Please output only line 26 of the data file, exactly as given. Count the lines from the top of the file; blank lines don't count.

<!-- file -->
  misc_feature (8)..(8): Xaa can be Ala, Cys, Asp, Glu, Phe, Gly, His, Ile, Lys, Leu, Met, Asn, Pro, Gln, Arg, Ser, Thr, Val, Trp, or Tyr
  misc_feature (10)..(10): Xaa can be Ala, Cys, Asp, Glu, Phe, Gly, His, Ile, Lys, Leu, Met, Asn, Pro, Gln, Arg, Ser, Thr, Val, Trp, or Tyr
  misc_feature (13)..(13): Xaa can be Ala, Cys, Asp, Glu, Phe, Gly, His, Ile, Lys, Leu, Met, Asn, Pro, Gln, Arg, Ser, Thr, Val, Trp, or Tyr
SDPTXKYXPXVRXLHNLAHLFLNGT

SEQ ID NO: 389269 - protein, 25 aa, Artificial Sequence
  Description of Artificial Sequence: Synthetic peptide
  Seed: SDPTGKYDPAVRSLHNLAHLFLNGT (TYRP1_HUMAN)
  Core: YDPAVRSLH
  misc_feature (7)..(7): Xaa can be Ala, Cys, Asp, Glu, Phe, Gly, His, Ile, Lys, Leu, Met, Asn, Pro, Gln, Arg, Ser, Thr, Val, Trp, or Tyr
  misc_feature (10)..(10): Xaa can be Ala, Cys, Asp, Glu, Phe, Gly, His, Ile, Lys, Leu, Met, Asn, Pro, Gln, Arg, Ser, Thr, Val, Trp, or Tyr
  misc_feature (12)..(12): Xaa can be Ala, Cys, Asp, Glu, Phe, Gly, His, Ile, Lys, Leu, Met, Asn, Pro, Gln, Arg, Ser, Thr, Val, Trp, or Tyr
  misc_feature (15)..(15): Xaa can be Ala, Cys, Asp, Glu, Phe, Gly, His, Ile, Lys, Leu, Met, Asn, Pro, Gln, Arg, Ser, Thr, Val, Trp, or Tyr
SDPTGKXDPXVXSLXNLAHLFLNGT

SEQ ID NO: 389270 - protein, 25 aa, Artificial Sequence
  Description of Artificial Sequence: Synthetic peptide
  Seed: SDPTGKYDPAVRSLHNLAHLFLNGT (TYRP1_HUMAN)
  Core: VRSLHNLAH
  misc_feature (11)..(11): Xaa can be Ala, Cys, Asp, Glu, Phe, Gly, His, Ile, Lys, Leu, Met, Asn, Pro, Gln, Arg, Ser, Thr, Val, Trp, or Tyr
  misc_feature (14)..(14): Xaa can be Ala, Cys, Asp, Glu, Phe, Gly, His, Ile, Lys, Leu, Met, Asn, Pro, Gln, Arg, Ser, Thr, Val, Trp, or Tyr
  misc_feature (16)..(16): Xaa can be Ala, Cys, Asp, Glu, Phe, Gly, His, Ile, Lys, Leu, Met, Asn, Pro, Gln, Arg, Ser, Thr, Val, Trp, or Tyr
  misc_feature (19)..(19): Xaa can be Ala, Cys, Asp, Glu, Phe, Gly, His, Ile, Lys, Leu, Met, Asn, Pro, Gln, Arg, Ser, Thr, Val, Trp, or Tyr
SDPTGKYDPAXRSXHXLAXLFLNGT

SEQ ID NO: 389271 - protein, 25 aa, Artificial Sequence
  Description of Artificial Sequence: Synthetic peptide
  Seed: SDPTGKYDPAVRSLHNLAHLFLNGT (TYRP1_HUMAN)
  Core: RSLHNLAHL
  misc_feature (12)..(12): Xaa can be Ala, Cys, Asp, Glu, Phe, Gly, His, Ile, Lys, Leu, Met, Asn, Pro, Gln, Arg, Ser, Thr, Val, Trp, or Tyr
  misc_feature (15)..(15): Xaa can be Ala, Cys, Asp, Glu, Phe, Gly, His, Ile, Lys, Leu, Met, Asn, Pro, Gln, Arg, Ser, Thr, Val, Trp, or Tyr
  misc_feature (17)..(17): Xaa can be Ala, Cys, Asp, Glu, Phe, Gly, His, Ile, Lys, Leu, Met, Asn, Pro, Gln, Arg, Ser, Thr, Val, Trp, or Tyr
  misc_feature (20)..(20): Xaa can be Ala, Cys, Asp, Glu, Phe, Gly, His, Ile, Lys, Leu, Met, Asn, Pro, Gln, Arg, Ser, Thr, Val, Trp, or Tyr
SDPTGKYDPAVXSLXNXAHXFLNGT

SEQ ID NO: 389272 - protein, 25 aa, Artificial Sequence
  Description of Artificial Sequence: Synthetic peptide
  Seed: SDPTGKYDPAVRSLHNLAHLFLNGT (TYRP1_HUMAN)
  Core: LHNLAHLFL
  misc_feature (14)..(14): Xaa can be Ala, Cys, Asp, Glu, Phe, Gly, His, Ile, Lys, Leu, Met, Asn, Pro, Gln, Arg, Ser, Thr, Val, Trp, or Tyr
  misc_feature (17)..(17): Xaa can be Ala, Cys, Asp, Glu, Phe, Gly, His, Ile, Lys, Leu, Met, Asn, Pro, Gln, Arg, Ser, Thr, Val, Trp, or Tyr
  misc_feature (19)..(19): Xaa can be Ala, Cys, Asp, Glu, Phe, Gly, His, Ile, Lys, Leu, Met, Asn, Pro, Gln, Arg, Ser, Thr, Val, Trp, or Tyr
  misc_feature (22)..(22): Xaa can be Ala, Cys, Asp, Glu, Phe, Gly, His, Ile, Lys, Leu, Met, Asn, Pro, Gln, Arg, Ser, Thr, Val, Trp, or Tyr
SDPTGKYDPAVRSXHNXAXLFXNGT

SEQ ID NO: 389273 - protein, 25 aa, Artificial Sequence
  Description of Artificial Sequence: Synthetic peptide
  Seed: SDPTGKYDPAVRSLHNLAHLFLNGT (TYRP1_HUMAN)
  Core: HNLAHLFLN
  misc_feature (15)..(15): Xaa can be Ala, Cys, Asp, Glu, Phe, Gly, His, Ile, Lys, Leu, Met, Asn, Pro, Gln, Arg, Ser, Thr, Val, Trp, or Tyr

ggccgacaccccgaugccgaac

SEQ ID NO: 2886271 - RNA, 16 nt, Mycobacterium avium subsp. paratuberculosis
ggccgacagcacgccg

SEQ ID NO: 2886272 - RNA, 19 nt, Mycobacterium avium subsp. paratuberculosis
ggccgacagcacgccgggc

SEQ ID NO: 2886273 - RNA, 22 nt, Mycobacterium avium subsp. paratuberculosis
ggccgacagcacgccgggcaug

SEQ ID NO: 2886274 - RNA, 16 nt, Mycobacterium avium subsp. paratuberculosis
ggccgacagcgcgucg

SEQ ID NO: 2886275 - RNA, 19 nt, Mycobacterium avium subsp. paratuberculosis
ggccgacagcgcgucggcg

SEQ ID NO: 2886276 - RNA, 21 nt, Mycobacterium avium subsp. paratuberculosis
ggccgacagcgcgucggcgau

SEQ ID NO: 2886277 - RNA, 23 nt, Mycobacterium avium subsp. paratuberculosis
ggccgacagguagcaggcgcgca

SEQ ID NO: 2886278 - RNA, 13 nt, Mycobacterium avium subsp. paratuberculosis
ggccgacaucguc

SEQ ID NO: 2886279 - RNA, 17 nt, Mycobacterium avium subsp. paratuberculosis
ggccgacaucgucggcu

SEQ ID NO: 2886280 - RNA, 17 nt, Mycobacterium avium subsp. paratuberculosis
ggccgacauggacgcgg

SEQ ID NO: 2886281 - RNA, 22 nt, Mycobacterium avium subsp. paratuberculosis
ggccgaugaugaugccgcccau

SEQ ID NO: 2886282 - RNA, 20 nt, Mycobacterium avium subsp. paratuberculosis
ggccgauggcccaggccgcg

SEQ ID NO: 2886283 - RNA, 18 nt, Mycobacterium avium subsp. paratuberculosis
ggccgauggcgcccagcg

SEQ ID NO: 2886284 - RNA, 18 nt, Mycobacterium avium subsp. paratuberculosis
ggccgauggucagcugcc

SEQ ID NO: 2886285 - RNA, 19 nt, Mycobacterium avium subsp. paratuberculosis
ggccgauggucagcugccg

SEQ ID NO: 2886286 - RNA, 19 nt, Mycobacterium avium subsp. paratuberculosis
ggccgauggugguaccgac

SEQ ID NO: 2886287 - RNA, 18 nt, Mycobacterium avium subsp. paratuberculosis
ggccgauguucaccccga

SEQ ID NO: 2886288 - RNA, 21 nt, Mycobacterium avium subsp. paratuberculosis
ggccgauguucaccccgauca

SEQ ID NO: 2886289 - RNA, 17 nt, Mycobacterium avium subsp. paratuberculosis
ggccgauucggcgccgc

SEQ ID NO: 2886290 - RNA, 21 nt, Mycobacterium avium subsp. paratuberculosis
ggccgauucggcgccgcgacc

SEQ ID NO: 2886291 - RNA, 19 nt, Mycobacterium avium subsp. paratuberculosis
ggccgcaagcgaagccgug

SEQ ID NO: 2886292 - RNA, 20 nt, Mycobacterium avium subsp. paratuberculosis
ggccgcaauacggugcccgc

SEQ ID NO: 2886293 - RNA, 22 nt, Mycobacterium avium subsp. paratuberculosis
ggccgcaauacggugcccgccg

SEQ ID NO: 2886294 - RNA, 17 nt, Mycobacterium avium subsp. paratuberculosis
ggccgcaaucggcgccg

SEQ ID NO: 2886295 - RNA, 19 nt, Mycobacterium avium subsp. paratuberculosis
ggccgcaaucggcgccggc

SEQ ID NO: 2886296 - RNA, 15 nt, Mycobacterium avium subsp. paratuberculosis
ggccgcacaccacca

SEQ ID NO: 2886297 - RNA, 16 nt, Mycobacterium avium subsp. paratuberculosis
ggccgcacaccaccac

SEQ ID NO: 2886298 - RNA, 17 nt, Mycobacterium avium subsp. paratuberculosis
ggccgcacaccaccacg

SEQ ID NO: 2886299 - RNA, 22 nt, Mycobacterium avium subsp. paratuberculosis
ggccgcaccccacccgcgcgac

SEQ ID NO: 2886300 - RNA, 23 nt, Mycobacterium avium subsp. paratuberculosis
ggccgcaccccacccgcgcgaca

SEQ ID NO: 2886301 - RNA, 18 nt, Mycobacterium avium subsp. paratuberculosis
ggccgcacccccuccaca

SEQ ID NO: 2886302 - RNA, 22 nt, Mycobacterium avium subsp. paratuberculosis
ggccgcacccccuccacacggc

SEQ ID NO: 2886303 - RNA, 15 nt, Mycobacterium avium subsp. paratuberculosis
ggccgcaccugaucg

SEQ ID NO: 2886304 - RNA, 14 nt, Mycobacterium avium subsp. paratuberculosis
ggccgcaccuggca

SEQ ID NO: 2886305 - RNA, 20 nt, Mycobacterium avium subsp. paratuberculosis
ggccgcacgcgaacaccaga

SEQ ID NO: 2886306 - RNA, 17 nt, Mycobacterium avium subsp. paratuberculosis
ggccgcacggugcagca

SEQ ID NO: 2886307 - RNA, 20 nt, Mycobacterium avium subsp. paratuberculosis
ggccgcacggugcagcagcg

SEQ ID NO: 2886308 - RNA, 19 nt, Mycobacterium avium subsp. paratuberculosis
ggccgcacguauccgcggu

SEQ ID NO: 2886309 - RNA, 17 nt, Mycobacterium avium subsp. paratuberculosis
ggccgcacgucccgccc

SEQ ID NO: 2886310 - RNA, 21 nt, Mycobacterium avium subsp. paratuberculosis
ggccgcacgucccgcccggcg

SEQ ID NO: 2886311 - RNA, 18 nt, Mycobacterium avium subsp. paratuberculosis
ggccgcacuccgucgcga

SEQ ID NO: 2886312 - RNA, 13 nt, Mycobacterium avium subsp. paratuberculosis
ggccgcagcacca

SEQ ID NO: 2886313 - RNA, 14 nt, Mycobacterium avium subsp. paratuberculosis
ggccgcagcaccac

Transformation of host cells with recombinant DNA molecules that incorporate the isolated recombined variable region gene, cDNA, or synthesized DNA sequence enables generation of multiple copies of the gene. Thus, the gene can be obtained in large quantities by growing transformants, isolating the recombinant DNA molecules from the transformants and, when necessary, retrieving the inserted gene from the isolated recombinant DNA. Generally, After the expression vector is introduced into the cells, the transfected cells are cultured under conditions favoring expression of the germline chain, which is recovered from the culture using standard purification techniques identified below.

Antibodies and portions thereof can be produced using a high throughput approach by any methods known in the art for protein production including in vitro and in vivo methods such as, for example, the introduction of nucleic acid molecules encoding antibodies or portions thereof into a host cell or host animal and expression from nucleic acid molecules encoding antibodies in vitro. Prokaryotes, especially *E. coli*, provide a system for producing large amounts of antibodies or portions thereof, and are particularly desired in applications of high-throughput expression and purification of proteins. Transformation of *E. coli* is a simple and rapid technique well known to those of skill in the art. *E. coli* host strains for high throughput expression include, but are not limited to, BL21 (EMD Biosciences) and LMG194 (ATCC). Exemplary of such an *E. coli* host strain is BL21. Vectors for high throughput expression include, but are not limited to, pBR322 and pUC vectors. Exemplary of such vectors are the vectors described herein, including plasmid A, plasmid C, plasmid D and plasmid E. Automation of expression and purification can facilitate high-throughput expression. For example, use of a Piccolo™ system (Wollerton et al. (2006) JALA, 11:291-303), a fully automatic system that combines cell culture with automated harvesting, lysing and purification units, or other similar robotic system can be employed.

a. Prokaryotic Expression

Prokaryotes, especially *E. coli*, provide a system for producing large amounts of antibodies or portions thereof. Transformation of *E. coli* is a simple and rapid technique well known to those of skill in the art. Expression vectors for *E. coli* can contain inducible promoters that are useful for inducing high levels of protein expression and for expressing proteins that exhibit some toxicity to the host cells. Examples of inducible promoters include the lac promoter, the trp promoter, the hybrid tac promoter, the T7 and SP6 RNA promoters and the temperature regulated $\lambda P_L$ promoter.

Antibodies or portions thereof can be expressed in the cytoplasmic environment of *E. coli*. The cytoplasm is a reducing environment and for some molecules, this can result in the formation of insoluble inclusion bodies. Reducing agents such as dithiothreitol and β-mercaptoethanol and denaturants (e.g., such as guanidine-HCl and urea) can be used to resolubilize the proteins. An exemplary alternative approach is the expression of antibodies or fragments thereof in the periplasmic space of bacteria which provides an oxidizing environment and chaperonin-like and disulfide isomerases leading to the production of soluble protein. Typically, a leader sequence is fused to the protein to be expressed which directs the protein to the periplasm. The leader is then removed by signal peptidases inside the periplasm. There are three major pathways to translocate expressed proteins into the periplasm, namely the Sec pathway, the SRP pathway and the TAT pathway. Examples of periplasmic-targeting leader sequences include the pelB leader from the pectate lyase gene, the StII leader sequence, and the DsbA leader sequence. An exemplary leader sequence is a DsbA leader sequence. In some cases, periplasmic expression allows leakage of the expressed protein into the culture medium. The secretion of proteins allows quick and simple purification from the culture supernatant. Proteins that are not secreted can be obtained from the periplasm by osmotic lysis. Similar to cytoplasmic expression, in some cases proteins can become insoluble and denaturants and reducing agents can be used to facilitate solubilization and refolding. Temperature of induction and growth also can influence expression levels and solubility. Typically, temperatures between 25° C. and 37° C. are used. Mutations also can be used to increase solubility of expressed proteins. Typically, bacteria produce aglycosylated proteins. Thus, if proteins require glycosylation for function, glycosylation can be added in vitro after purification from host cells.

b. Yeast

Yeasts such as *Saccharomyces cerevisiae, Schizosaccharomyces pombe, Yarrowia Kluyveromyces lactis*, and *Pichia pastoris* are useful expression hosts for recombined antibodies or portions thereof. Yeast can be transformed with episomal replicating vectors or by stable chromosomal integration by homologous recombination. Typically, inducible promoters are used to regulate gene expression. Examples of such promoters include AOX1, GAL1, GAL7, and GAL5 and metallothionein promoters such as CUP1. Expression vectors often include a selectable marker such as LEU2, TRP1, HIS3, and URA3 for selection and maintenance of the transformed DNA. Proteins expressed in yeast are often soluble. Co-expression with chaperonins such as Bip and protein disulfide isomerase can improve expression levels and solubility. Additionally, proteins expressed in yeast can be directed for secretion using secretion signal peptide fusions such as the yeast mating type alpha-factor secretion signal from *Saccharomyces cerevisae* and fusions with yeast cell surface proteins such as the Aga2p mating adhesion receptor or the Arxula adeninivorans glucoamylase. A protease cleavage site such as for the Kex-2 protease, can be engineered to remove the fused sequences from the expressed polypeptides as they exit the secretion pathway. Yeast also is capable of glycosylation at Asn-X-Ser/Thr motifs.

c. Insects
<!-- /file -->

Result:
  Core: RSLHNLAHL